Alford Lincolnshire UK
famous for the Alford Craft Market and Manor House
Alford Manor House Report: 2005 September 30


Local people and heritage enthusiasts gathered in Alford, Lincolnshire on 2005 September 30 to watch the grand unveiling of the latest stage of improvements to the county's largest thatched house, Alford Manor House.

The 17th century, grade II listed house has been hidden in a shroud of scaffolding and protective sheeting for over eight months, whilst a £1.7m restoration scheme, largely funded by the Heritage Lottery Fund with support from several groups including English Heritage and the European Regional Development Fund, has been underway to protect and improve the town's most important historic building.

The 'topping-out' ceremony marks the completion of one of the most important stages of the project, work on the thatched roof, which has involved the hard work of teams of many skilled thatchers, consultants and architects specialising in historic buildings.

Prior to the work beginning on the house, its owners, Alford and District Civic Trust, ran it as a museum. Once the project is complete it will be brought back into community use as a museum again, this time focussing more on the history of the building and its construction.

the flag raisedSince the project began in November 2004, a new extension has been built, the roof has been stripped of all old reed thatch, which was put on in late 1960s, and the timber roof structures and chimneys have been repaired. Because of the building's unusual composite construction it has had structural problems since it was first built, so the main part of the work has been to carry out long-term repairs that will deal with these difficulties.
Other work has included the full re-pointing of all brickwork, repairs of historic joinery and internal floor structures, the installation of a new lift to make the building more accessible to the public and improved toilet facilities.

The project is planned for completion in November 2005 and remaining work includes internal finishing, decoration and the installation of rainwater goods, drainage and plumbing.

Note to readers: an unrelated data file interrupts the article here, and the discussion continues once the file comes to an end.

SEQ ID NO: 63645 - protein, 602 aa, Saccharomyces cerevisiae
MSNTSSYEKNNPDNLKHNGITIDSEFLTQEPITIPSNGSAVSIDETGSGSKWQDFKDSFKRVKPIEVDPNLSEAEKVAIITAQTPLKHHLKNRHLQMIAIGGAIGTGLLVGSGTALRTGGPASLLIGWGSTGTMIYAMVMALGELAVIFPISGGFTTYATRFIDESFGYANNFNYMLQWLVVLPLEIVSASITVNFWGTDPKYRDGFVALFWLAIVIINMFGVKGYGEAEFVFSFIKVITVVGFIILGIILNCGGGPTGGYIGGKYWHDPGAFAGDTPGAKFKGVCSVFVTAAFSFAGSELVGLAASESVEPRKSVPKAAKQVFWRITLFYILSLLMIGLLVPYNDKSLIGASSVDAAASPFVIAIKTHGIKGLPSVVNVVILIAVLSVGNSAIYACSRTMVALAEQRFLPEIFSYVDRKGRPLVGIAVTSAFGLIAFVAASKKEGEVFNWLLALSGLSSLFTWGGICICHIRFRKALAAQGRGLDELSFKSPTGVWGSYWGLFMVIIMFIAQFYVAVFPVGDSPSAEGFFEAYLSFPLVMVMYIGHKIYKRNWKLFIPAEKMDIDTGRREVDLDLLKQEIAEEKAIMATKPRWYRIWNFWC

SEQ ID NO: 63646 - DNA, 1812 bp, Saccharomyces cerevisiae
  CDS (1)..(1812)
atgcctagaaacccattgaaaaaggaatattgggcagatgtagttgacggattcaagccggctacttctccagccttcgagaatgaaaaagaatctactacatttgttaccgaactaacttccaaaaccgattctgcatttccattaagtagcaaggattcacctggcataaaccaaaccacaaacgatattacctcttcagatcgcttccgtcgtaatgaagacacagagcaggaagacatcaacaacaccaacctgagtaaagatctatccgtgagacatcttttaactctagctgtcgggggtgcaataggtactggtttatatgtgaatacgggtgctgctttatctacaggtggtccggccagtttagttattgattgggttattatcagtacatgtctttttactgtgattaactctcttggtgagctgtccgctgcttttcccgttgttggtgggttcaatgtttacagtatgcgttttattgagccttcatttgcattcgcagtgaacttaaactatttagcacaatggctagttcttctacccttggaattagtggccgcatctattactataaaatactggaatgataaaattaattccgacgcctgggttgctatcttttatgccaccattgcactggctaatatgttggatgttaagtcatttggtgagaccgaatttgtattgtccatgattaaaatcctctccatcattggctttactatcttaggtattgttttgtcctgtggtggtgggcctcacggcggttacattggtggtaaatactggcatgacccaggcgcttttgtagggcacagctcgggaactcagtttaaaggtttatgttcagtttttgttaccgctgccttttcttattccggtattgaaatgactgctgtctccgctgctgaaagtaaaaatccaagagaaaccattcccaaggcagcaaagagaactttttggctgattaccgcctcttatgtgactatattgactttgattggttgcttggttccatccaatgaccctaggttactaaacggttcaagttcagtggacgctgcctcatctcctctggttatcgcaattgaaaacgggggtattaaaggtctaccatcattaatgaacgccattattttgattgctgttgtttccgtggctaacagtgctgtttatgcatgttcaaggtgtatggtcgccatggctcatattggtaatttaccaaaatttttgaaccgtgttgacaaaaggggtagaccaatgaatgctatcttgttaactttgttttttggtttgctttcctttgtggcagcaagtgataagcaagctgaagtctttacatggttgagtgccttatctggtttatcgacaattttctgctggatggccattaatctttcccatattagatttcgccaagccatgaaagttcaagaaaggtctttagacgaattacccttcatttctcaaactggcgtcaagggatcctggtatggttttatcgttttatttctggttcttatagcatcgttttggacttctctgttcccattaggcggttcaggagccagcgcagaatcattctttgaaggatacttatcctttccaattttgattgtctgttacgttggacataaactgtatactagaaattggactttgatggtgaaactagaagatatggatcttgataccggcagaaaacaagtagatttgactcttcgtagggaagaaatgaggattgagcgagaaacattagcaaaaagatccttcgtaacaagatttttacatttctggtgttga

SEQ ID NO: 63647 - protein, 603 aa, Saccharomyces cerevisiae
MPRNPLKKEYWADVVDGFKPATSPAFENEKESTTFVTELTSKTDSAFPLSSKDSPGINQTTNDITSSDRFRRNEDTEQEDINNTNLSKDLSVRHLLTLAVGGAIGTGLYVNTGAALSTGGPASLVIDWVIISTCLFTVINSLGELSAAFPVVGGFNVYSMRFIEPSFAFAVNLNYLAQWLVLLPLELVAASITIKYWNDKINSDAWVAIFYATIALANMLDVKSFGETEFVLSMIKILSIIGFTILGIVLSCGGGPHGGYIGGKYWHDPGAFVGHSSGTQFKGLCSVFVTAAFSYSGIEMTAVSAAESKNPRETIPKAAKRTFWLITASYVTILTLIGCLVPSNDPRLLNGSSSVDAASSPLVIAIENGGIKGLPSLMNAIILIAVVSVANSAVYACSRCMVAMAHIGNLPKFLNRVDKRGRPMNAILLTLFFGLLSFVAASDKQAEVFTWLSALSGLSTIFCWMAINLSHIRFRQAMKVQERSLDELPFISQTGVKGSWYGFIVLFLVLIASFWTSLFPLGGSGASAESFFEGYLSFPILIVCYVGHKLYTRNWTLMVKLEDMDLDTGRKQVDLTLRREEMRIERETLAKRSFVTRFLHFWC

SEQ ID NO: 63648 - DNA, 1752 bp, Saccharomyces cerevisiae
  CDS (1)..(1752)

Grant AllanGrant Allan, Chairman of Alford Civic Trust, is really excited about how the project is progressing. He said: "Before the main work started we had an opening up contract to understand the building and its problems, which has worked very well. At that stage we also had an archaeological team from Field Archaeology Specialists, based at York University, to record and pontificate on the age of the building, its construction and plan form.

"Dendrochronological dating has shown that the main building was constructed around 1611, however it was altered later in the 17th century and parts of it were rebuilt during the 18th and 19th centuries. This research has formed the structure of how this restoration project has been carried out and it is wonderful to expose this magnificent thatched roof once again."

James Edgar, English Heritage Historic Buildings Inspector, said: "Alford Manor House is Lincolnshire's largest thatched manor house. It is a very important historic building both locally and nationally and is in the top 6-8% of historic buildings in the country. This project underlines the importance of the skills of specialist craftsmen, as without them this building could not be protected for future generations to enjoy. We look forward to seeing this building back in use by the community once again."

topping outThe Heritage Lottery Fund made the project possible with a grant of £1.3 million. Explaining the importance of the award HLF's regional manager Sheila Stone said, "We are delighted to restore this historic landmark and open it up for the community. As will as conserving an important heritage asset in Lincolnshire, the project will give the public much better access to the building and give them the opportunity to learn about its colourful history."

Manor House Restoration Progress reports

next: 2005 November: work would be completed within the contract period
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For many years the Craft Market has held special weekends - Spring and August Bank Holiday in the Manor House grounds. In 2005 the Market and entertainment was in the South Market Place.